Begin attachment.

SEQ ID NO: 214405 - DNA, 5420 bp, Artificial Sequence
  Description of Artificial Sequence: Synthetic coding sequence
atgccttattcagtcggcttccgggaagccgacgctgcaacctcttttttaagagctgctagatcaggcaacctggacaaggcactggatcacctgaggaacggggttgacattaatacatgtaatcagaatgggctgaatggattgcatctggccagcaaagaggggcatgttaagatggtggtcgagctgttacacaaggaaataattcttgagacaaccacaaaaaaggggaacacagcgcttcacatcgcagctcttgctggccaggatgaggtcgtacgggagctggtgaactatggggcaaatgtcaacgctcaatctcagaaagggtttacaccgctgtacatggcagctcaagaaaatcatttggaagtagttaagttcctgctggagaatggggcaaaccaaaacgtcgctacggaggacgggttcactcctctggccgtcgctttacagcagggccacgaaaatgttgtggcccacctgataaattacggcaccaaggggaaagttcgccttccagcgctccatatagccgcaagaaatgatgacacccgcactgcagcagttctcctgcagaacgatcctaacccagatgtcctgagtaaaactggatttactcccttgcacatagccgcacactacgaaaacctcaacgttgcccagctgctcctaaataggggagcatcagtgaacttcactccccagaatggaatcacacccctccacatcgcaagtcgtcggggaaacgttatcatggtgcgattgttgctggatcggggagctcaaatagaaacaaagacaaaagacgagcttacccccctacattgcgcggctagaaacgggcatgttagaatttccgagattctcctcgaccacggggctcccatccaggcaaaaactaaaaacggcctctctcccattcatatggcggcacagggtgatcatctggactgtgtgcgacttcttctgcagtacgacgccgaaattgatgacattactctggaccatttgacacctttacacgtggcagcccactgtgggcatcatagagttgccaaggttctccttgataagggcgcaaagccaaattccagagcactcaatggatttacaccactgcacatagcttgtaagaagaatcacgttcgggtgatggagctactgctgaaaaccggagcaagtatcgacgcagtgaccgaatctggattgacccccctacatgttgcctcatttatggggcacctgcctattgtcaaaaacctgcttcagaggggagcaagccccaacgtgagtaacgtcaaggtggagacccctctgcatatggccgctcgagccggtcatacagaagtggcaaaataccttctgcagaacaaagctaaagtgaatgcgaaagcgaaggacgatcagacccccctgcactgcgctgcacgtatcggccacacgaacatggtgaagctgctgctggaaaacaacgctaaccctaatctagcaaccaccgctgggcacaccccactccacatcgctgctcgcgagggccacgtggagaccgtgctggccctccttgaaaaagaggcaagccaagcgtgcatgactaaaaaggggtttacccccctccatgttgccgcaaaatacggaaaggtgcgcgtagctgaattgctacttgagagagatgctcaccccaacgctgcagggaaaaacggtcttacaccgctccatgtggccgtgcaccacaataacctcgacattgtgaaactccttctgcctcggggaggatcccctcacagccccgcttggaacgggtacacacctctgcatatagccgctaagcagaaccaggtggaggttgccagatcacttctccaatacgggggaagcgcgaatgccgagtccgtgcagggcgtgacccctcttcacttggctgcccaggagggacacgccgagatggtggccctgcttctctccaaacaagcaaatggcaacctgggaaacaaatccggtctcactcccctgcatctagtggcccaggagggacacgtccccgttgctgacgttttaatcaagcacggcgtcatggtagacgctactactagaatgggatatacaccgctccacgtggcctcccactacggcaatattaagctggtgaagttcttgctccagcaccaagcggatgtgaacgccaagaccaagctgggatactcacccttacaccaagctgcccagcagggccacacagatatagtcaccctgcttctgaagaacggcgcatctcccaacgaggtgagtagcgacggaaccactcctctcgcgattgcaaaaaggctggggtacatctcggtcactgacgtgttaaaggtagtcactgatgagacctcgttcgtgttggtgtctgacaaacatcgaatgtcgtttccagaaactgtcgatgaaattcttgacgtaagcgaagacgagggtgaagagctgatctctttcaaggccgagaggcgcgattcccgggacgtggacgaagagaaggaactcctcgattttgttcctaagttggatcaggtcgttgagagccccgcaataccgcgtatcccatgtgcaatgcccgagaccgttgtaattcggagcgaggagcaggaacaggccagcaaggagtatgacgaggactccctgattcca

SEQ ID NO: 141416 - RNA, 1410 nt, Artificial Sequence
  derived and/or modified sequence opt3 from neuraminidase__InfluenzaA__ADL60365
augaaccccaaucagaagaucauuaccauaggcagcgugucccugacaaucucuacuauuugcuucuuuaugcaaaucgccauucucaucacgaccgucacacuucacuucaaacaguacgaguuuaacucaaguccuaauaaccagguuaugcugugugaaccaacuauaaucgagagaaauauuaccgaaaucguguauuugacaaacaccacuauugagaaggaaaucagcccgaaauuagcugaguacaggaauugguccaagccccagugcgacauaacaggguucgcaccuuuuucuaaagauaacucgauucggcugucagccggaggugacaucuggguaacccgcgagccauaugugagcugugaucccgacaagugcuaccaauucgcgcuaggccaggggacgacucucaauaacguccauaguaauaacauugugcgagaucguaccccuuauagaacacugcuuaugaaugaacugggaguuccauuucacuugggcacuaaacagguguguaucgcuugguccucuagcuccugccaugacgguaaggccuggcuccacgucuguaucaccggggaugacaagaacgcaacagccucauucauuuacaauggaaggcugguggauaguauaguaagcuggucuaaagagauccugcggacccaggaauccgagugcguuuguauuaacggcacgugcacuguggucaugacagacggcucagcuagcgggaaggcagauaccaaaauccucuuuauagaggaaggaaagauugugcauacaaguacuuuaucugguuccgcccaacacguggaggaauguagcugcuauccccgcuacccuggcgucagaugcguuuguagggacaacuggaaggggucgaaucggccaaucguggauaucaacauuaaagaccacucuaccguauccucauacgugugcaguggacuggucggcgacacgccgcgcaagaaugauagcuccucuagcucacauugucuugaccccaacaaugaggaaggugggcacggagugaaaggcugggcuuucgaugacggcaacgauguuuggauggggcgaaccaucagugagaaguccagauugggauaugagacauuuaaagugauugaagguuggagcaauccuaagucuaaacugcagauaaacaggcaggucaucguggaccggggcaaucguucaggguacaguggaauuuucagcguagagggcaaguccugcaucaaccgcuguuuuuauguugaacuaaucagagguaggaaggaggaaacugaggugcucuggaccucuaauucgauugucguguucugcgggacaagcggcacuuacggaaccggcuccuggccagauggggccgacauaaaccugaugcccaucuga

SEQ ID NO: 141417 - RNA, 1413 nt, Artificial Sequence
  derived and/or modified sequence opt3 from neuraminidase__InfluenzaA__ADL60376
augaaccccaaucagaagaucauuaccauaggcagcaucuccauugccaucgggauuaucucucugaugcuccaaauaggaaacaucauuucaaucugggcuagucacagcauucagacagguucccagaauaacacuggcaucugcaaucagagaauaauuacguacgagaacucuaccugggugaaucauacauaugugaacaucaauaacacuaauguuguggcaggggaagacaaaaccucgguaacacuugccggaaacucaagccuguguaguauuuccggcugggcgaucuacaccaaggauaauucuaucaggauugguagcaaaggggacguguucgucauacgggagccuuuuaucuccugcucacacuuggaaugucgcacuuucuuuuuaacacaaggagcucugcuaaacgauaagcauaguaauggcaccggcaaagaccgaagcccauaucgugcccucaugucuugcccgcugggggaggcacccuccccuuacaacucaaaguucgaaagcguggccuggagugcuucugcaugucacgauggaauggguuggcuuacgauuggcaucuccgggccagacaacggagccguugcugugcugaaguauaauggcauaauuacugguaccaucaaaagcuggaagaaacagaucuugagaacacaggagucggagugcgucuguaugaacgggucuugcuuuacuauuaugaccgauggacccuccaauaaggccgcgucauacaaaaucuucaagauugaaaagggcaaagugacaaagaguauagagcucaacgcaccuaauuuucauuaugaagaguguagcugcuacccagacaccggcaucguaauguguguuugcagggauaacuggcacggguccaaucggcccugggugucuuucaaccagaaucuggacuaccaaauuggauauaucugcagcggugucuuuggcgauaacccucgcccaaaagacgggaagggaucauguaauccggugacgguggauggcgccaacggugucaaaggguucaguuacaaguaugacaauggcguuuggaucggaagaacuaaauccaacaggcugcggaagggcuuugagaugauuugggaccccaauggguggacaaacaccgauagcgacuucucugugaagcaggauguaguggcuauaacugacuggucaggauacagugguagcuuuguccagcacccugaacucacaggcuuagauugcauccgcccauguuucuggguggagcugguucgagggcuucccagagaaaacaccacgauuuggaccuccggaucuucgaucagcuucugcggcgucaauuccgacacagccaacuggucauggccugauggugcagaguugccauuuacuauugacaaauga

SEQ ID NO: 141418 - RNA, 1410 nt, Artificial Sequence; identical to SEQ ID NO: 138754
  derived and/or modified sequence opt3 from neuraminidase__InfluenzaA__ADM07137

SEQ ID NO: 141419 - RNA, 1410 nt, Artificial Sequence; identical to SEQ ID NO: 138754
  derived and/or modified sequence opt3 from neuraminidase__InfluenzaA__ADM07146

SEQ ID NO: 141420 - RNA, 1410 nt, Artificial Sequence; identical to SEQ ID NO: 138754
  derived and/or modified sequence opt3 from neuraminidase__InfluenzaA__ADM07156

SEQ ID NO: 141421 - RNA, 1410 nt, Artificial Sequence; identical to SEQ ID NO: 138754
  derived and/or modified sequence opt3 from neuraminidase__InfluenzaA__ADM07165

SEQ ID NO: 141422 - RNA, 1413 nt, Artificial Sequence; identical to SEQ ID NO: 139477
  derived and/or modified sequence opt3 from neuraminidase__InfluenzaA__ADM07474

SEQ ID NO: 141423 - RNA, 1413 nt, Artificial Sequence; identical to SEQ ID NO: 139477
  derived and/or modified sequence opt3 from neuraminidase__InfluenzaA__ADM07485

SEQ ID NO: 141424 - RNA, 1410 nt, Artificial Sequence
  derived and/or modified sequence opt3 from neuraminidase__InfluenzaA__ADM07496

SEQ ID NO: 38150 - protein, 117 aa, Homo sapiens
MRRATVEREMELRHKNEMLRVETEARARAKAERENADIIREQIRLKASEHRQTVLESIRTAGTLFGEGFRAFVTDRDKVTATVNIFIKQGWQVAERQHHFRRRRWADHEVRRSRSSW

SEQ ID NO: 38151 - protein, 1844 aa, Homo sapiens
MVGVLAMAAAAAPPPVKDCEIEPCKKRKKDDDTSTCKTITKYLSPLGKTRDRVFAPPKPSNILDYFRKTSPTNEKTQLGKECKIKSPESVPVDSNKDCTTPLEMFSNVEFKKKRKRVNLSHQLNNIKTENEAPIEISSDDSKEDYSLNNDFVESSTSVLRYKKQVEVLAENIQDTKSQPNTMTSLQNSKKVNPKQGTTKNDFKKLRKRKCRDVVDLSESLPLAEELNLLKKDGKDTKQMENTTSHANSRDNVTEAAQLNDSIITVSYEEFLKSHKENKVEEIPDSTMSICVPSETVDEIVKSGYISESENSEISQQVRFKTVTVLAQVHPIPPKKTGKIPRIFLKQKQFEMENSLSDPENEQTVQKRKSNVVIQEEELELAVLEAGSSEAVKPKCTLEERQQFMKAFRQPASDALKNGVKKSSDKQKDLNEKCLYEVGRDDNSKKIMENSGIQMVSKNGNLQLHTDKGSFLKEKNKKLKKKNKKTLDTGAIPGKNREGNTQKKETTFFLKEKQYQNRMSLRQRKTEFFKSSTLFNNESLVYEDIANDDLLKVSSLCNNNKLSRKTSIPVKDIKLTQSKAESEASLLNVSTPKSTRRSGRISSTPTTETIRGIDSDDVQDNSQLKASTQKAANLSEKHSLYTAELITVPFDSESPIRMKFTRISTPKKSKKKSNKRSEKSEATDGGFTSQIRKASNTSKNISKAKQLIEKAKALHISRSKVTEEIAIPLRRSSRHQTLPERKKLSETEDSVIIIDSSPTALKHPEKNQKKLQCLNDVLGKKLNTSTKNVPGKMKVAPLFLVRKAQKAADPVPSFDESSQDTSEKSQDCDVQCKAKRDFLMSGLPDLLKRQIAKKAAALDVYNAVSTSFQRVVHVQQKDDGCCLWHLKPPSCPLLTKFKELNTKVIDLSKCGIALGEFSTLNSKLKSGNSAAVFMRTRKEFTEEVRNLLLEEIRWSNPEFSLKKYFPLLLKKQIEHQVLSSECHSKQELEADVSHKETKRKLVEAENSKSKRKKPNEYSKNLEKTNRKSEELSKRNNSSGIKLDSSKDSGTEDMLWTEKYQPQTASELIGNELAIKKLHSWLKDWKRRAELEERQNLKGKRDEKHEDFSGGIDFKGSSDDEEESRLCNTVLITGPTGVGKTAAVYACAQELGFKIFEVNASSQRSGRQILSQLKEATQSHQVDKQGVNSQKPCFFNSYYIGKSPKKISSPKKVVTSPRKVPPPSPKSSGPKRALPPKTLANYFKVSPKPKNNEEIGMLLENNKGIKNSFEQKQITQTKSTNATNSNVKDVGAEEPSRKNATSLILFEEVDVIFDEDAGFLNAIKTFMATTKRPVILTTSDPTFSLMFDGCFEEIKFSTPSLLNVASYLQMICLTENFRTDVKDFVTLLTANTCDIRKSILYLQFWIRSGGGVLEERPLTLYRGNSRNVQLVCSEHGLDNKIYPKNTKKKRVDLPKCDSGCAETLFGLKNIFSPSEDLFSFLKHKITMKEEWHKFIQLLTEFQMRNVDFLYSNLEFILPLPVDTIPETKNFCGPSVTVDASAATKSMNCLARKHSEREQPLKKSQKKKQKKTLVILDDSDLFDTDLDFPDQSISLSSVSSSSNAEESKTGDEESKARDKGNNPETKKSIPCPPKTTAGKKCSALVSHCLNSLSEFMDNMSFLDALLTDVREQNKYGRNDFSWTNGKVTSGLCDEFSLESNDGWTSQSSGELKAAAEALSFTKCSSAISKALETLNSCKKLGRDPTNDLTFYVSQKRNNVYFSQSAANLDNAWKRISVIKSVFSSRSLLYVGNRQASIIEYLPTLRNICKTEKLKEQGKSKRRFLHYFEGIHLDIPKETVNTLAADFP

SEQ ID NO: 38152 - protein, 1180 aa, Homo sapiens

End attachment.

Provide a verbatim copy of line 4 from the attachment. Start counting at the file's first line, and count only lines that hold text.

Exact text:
SEQ ID NO: 141416 - RNA, 1410 nt, Artificial Sequence